2015 Sees Healthcare Investment Banking Rise Sharply
2015 has seen increased demand for products and services. All sub-sectors of healthcare, including life sciences, medical devices and IT, are benefiting from this and current levels of open equity. According to experts working within healthcare investment banking, markets are more robust now than they have been for three decades. It is predicted that life sciences, and in particular speciality pharmaceuticals and biotechnology, will continue to experience more investment – a pattern established in 2014, when these areas experienced the most interest in terms of IPOs since 1978.
It seems the boom can be attributed to a number of factors, but it is thought the most likely reason is the maturity and skills of those businesses operating within the industry. In recent years they have become better able to manage risk, money, regulatory obligations and clinical trials. As a result, more new drugs are reaching the approval stage and are doing so more quickly than ever.
‘Micro markets’ have also developed, driving the healthcare sector. Ups and downs appear more muted, with any downturns proving shorter-lived and with minimal impact.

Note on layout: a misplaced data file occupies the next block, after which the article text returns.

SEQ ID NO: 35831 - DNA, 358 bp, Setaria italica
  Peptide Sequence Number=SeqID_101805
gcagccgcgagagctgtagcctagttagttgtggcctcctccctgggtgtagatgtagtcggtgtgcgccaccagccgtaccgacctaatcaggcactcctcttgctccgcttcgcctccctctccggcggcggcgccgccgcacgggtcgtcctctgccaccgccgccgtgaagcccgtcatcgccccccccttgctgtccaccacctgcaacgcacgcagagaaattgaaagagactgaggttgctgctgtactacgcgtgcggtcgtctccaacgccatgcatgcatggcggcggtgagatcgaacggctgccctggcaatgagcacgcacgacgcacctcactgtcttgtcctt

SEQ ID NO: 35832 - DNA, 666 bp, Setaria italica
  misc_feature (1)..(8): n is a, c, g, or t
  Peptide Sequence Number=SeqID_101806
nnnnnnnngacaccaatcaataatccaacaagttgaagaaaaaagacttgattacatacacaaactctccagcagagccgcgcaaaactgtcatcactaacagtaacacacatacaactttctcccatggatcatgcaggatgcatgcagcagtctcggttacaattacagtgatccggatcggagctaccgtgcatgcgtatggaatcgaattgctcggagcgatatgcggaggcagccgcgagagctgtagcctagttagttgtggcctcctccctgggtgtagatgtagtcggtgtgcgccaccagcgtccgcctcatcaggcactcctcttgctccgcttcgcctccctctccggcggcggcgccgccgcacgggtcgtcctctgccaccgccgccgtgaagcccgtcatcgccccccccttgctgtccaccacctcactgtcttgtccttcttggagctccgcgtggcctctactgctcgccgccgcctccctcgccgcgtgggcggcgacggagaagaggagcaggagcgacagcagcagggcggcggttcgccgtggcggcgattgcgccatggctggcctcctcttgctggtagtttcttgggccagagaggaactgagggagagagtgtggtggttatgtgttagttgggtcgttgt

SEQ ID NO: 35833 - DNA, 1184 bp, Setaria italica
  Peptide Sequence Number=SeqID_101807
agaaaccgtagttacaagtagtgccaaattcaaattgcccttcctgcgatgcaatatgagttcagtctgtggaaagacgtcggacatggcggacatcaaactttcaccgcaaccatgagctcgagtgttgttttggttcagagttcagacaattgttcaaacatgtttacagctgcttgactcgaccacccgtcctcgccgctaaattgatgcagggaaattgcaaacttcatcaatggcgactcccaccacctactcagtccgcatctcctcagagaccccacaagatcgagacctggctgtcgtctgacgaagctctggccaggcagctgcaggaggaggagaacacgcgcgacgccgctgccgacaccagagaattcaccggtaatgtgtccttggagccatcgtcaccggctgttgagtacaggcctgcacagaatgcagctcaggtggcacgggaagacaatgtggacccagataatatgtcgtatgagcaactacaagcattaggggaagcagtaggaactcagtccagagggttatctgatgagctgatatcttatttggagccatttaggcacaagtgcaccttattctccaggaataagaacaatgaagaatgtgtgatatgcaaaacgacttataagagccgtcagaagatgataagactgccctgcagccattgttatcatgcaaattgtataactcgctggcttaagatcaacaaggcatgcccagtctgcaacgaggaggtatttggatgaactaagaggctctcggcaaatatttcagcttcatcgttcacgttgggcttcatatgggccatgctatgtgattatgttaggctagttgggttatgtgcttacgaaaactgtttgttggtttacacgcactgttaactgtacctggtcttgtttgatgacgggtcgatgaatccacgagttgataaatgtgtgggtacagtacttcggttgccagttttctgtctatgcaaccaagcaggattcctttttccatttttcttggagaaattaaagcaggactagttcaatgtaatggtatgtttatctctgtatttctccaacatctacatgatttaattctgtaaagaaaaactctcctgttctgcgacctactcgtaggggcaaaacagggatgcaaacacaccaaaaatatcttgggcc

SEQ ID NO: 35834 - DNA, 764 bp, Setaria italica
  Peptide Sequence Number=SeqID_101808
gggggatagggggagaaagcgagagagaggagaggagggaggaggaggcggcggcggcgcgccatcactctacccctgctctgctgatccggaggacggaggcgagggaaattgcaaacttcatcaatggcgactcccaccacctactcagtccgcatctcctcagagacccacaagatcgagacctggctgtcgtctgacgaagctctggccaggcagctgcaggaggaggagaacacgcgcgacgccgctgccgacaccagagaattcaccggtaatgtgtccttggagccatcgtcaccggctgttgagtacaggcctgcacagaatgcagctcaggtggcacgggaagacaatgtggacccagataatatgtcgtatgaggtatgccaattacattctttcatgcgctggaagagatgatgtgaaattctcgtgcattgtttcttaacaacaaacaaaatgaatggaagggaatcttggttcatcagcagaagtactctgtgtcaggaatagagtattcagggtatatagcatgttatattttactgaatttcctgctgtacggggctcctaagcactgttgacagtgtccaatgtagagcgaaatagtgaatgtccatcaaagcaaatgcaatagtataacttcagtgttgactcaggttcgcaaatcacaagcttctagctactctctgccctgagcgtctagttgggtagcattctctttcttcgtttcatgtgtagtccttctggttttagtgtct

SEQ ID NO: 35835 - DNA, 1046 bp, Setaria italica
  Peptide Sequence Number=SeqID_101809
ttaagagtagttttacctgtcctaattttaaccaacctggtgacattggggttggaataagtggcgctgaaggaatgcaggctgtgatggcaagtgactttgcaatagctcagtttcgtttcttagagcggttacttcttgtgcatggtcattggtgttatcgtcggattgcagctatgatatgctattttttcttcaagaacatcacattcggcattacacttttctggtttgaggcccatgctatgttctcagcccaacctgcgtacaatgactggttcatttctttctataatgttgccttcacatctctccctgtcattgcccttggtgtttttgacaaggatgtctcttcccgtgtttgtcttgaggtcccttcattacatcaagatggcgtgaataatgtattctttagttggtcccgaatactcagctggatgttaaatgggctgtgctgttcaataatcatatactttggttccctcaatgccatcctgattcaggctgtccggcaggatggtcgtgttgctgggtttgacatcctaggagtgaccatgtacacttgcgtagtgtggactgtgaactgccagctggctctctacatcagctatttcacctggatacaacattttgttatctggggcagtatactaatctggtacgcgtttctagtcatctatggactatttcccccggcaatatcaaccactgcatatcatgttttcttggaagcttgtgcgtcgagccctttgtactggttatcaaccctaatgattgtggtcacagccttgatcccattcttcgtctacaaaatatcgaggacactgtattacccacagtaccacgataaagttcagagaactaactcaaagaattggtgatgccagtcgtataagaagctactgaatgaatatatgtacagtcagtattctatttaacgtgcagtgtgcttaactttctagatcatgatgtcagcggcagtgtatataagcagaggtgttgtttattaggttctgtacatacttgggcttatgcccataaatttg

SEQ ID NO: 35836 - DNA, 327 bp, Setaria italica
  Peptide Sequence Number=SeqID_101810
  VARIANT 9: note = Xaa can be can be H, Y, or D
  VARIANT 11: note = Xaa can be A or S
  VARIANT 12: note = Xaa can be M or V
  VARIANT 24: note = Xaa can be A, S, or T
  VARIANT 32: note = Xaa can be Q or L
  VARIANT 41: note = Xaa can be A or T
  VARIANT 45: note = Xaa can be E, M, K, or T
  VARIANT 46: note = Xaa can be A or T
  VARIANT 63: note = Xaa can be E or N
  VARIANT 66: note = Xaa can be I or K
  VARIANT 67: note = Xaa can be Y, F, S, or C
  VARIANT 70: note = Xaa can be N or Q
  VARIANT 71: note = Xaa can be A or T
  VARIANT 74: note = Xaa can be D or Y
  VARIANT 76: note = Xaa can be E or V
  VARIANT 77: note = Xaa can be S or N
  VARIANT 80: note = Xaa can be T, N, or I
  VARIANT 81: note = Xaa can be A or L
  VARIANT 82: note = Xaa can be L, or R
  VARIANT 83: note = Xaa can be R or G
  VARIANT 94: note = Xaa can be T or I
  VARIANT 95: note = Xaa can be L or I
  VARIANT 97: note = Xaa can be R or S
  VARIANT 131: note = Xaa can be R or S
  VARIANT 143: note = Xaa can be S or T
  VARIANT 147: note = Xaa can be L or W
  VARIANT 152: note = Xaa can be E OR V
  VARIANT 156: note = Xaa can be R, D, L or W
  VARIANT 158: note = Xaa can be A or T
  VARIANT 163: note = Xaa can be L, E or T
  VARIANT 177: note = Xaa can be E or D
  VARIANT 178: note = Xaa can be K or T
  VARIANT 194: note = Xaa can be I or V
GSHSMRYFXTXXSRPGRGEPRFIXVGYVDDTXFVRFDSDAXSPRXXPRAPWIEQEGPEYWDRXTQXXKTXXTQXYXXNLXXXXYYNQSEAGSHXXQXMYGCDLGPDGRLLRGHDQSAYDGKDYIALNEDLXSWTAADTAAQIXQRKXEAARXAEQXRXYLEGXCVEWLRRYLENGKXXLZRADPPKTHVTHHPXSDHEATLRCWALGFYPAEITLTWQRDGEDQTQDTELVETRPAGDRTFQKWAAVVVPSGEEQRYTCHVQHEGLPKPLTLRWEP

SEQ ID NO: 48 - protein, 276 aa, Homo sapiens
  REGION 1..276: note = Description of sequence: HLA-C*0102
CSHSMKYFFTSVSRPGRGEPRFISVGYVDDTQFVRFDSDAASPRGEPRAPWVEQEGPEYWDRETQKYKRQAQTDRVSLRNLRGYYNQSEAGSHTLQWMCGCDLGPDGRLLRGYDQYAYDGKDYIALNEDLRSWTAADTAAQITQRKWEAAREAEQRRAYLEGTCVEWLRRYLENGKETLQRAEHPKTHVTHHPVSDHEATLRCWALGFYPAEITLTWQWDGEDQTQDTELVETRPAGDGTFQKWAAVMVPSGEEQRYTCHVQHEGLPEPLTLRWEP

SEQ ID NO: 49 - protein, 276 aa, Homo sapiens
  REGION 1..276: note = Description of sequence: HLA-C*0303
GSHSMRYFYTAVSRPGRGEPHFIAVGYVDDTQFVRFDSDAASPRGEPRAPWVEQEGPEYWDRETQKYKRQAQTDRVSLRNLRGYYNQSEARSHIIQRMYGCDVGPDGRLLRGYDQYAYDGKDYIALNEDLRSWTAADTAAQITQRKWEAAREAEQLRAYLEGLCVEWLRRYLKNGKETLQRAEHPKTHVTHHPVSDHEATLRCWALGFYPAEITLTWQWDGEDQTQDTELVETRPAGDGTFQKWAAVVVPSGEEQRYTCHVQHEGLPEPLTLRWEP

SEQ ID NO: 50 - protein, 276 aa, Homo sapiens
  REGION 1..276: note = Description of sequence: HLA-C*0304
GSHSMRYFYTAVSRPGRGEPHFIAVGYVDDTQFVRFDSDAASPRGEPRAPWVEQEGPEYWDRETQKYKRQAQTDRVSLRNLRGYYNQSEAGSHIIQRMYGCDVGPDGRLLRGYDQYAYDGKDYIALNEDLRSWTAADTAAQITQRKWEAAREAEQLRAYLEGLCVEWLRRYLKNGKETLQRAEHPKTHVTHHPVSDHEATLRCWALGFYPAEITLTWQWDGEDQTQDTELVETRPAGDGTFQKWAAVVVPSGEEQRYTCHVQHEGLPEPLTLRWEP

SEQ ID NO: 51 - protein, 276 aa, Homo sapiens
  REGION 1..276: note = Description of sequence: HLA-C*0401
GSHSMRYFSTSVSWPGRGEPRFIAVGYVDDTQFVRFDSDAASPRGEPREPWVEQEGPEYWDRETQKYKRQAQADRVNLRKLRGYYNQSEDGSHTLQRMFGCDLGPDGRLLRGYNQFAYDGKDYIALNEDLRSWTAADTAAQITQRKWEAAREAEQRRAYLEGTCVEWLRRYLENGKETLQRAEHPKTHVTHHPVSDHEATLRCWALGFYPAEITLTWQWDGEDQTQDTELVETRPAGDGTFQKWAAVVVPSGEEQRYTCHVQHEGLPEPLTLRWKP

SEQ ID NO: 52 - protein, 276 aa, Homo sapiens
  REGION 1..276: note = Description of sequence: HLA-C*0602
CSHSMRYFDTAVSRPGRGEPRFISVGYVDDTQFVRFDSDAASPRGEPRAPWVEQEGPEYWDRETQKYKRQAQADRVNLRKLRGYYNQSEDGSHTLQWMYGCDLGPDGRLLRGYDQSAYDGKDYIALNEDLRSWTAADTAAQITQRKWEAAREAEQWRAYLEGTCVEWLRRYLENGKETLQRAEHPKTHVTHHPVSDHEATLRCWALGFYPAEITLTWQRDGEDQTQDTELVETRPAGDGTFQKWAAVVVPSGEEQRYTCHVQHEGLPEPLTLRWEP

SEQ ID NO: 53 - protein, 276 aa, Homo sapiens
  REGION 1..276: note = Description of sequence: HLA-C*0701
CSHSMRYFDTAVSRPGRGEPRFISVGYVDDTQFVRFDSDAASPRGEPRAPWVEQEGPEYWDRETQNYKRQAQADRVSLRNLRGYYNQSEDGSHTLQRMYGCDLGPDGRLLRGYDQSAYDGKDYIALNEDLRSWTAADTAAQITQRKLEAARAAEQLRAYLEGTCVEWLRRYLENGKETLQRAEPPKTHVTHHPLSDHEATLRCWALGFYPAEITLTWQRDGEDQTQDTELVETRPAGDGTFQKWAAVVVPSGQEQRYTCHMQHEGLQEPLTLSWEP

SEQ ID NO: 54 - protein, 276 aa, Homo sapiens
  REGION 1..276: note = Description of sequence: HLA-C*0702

If the worldwide economy continues through recovery and beyond, investment specialists such as Edgemont Capital can expect to facilitate a range of trends within healthcare investment, including the following.
While the number of mergers and acquisitions within the healthcare markets is likely to continue to increase, a new trend seems to be emerging – that of affiliations. The majority of these have so far been between healthcare systems, independent hospitals and, most recently, providers of post-acute care.
Increasingly, hospitals are looking to build larger facilities which effectively expand the services they can provide. The aim is to offer patients both diagnosis and treatment under one roof while also reducing the need for inpatient care.
Transparency on Price
As patients become responsible for an increasing number of expenses, there is need for a more transparent and accessible service. Investment in this area is set to increase as a result.
Investment in patient engagement increased significantly in 2014 and 2015 – a trend which will continue as physicians take on greater risks and accountability for patient care. In addition, establishing better, more cost-effective care and post-care procedures is considered essential, so investment into both of these areas is extremely valuable in the long term.